How To Incorporate In Ohio
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1. Choose a Name for Your Ohio Corporation
Check on Available Names in Ohio: Before you file to incorporate your small business in the state of Ohio, you need to find a name for your corporation that is unique. The name that you choose cannot be in use by another registered corporation. To find out if the name that you want to use for your corporation is available, you should search records online and in archives and catalogs. There is a database of registered corporations in the state of Ohio that you can search online at Ohio Corporation.
Reserve a Corporate Name: You do not need to reserve a corporate name before you file Articles of Incorporation in Ohio, but you can reserve a particular name by submitting a name reservation application to the office of the Ohio Secretary of State. Reserving a name can be helpful if you are not planning to file right away and you want to reserve a particular name until the time that you do file. The application form is available online at Reserve a Ohio Corporation Name. There is a $50.00 filing fee. The corporate name that you indicate will be reserved for 180 days.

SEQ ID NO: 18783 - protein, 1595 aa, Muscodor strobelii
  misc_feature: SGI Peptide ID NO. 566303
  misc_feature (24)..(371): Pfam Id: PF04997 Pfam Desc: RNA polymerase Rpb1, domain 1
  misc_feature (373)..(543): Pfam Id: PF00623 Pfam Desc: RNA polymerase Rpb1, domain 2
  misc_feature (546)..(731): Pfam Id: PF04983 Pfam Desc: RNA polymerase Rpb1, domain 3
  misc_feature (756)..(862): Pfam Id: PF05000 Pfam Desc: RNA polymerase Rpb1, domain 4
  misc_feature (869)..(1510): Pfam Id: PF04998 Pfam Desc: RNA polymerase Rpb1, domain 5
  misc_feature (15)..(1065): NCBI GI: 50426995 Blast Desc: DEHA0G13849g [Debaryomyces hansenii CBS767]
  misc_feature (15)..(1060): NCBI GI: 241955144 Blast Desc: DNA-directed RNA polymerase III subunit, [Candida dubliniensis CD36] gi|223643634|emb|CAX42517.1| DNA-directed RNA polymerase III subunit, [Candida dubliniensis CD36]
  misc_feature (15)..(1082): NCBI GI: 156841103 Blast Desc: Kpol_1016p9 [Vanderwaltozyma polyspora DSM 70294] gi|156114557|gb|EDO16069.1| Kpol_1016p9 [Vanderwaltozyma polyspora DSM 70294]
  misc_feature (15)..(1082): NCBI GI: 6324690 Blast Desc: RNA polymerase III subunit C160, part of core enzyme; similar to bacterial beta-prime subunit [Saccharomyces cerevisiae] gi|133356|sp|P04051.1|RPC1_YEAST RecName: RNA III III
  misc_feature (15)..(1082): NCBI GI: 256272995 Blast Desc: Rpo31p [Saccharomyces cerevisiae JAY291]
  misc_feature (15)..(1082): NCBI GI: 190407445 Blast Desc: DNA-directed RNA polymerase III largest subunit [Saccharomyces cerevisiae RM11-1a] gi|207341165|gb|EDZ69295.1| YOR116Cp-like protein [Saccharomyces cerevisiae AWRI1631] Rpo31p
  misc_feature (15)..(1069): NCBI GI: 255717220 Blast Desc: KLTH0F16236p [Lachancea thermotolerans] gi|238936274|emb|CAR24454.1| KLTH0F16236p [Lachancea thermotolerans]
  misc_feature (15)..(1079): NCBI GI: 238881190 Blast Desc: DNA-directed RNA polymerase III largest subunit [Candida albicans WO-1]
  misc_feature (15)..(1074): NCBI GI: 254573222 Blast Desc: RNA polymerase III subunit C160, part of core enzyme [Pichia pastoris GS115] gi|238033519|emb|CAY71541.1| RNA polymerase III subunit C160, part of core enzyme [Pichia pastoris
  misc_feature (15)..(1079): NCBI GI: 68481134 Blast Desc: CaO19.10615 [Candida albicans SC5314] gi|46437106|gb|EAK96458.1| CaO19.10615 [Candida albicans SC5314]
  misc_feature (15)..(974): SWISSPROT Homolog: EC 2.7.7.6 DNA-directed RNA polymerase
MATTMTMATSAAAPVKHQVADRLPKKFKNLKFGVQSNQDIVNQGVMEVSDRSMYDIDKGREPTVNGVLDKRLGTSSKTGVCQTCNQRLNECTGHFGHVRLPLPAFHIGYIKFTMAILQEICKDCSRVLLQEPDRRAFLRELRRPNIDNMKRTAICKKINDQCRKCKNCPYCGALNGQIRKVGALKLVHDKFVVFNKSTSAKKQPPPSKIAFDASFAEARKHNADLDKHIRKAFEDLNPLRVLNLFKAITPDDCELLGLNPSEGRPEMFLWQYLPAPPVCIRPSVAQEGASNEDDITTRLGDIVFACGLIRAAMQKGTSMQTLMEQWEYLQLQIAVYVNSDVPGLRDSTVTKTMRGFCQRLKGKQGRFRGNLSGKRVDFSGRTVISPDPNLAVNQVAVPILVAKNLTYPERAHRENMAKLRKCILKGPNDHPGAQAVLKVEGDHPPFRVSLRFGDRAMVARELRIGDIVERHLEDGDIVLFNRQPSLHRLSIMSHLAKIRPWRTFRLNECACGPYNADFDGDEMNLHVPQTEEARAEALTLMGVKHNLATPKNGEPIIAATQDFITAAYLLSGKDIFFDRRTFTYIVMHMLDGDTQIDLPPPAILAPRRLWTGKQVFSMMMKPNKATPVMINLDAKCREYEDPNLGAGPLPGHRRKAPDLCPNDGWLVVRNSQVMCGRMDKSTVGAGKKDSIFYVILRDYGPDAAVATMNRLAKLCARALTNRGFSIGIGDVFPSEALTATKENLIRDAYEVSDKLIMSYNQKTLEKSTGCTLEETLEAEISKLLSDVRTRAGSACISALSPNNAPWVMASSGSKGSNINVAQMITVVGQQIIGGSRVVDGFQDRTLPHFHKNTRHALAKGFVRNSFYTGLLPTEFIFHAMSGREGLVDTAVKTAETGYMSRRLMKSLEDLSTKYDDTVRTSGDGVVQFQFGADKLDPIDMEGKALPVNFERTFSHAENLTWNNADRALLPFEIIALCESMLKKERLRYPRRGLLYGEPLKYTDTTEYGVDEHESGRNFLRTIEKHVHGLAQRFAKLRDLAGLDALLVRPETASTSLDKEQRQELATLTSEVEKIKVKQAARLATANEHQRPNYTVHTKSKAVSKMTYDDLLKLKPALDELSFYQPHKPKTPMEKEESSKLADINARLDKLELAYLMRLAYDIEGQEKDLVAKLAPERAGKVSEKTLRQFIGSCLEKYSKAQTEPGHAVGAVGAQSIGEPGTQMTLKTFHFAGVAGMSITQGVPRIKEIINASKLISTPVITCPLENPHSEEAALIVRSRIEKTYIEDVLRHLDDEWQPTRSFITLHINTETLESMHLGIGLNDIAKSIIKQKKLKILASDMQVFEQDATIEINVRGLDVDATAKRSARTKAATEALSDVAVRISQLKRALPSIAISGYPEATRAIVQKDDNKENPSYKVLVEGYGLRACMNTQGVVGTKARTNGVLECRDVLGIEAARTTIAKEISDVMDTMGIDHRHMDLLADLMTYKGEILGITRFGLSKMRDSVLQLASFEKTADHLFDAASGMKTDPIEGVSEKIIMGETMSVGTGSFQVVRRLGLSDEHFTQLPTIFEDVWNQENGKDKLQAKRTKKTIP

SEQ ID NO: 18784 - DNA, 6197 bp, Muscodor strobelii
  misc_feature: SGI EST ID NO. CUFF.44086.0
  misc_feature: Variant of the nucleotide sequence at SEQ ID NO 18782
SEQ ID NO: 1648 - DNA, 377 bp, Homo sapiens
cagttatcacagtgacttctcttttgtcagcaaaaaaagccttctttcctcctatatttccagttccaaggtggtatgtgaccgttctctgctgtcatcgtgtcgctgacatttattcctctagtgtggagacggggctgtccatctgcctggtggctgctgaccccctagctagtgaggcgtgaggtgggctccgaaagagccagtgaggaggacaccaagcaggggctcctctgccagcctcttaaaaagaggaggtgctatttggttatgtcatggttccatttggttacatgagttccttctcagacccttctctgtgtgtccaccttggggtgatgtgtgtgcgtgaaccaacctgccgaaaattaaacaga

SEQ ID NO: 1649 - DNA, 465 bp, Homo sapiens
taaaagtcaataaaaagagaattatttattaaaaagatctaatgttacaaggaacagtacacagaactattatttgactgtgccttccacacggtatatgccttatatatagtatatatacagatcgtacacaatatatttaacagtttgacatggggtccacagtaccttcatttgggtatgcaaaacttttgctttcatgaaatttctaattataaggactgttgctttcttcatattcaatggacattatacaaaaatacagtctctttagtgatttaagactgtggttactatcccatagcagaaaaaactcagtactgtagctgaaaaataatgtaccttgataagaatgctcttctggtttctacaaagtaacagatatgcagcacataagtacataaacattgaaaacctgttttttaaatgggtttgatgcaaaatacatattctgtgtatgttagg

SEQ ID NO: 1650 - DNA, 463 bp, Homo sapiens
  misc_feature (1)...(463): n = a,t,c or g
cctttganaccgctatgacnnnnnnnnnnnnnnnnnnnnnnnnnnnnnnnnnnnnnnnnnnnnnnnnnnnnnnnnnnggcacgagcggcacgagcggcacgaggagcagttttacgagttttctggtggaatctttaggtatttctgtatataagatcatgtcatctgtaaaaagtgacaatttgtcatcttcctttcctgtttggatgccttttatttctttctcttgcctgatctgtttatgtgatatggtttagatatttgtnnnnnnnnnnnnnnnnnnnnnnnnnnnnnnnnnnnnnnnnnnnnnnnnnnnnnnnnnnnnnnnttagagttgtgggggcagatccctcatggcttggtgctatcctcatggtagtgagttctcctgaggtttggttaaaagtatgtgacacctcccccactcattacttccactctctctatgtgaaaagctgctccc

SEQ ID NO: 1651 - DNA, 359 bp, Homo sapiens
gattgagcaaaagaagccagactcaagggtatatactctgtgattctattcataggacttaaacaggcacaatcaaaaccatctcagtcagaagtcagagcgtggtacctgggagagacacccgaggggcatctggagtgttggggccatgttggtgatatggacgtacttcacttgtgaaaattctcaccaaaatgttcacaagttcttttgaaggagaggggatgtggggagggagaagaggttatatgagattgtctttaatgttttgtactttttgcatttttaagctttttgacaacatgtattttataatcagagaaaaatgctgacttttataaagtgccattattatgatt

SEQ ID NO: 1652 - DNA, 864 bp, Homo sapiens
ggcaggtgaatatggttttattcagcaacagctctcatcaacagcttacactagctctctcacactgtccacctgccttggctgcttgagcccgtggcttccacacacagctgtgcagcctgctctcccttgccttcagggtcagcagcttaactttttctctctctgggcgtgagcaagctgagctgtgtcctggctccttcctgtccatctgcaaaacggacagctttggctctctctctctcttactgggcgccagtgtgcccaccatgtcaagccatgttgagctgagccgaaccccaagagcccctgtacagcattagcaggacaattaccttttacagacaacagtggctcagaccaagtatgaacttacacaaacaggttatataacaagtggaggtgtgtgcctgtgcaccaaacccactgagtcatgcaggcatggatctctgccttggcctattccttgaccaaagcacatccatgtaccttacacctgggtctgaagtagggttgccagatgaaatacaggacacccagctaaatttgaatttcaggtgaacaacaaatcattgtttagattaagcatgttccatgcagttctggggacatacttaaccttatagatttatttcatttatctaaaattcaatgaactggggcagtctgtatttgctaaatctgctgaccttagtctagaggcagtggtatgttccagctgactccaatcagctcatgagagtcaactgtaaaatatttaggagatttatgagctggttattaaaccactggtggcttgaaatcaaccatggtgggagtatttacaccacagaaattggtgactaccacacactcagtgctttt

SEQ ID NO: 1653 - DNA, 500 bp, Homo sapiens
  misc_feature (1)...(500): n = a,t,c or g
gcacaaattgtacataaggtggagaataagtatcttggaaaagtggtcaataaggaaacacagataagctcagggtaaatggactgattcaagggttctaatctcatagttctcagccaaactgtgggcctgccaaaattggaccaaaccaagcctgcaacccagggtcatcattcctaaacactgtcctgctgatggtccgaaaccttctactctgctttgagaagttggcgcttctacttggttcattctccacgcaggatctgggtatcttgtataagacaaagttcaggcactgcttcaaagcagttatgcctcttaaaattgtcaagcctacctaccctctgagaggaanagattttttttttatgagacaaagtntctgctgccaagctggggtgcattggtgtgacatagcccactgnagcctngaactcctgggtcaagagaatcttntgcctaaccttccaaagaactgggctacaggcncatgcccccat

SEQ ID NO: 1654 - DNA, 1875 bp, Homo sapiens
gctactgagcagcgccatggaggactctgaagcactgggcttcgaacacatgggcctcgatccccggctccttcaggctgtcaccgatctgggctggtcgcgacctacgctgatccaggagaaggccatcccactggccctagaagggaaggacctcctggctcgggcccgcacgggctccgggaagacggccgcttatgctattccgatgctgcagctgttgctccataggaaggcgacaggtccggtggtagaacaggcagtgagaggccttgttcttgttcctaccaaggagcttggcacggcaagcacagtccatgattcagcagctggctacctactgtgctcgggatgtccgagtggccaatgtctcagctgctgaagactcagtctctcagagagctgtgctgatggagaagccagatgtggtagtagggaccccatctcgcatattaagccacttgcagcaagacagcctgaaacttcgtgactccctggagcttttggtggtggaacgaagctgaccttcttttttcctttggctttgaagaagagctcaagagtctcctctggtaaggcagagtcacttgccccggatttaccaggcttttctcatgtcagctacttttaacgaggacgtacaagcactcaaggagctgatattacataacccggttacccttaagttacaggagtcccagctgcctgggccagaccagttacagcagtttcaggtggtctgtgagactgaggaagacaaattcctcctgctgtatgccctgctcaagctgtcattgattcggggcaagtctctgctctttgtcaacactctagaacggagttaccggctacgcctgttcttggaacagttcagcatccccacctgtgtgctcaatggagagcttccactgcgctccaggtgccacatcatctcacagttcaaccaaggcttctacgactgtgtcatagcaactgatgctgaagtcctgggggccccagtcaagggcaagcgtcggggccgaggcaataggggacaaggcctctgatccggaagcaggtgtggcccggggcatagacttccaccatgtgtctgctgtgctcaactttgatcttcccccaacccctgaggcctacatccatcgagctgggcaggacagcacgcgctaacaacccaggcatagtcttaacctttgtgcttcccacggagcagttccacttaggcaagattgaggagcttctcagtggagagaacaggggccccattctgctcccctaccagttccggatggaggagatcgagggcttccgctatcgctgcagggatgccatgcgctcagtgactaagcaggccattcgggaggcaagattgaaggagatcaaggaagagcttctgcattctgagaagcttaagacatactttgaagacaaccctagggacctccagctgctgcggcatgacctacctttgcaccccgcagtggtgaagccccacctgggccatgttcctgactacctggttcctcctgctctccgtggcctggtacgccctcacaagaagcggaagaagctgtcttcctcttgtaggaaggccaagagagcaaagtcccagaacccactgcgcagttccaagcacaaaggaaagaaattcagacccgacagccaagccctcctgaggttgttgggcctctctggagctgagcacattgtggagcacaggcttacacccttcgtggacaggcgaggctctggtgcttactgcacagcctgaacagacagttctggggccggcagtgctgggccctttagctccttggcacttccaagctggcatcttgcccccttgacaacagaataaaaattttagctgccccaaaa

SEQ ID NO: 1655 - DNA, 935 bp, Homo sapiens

Filing Trademarks and Doing a Corporate Name Search: Even if a particular corporate name is available in the state of Ohio, a corporation in another state could be using the same name. You may find that there are some restrictions on how you use the corporate name that you have chosen. Consult an attorney to learn what these restrictions could be and how you can take steps to trademark the corporate name that you have chosen.
Ohio Corporate Name Requirements: When you are deciding on a name for your corporation, keep in mind that in the state of Ohio corporate names must include the word “corporation,” “incorporated,” “company” or an abbreviation of one of these words.
2. Find a Statutory Agent in Ohio
You also need to choose a statutory agent for your corporation before you can file to incorporate. The statutory agent that you choose will act as an agent for service of process and receive all legal and tax documents for your corporation. You can indicate an adult resident of Ohio or a corporation as your statutory agent. Your corporation cannot act as its own statutory agent.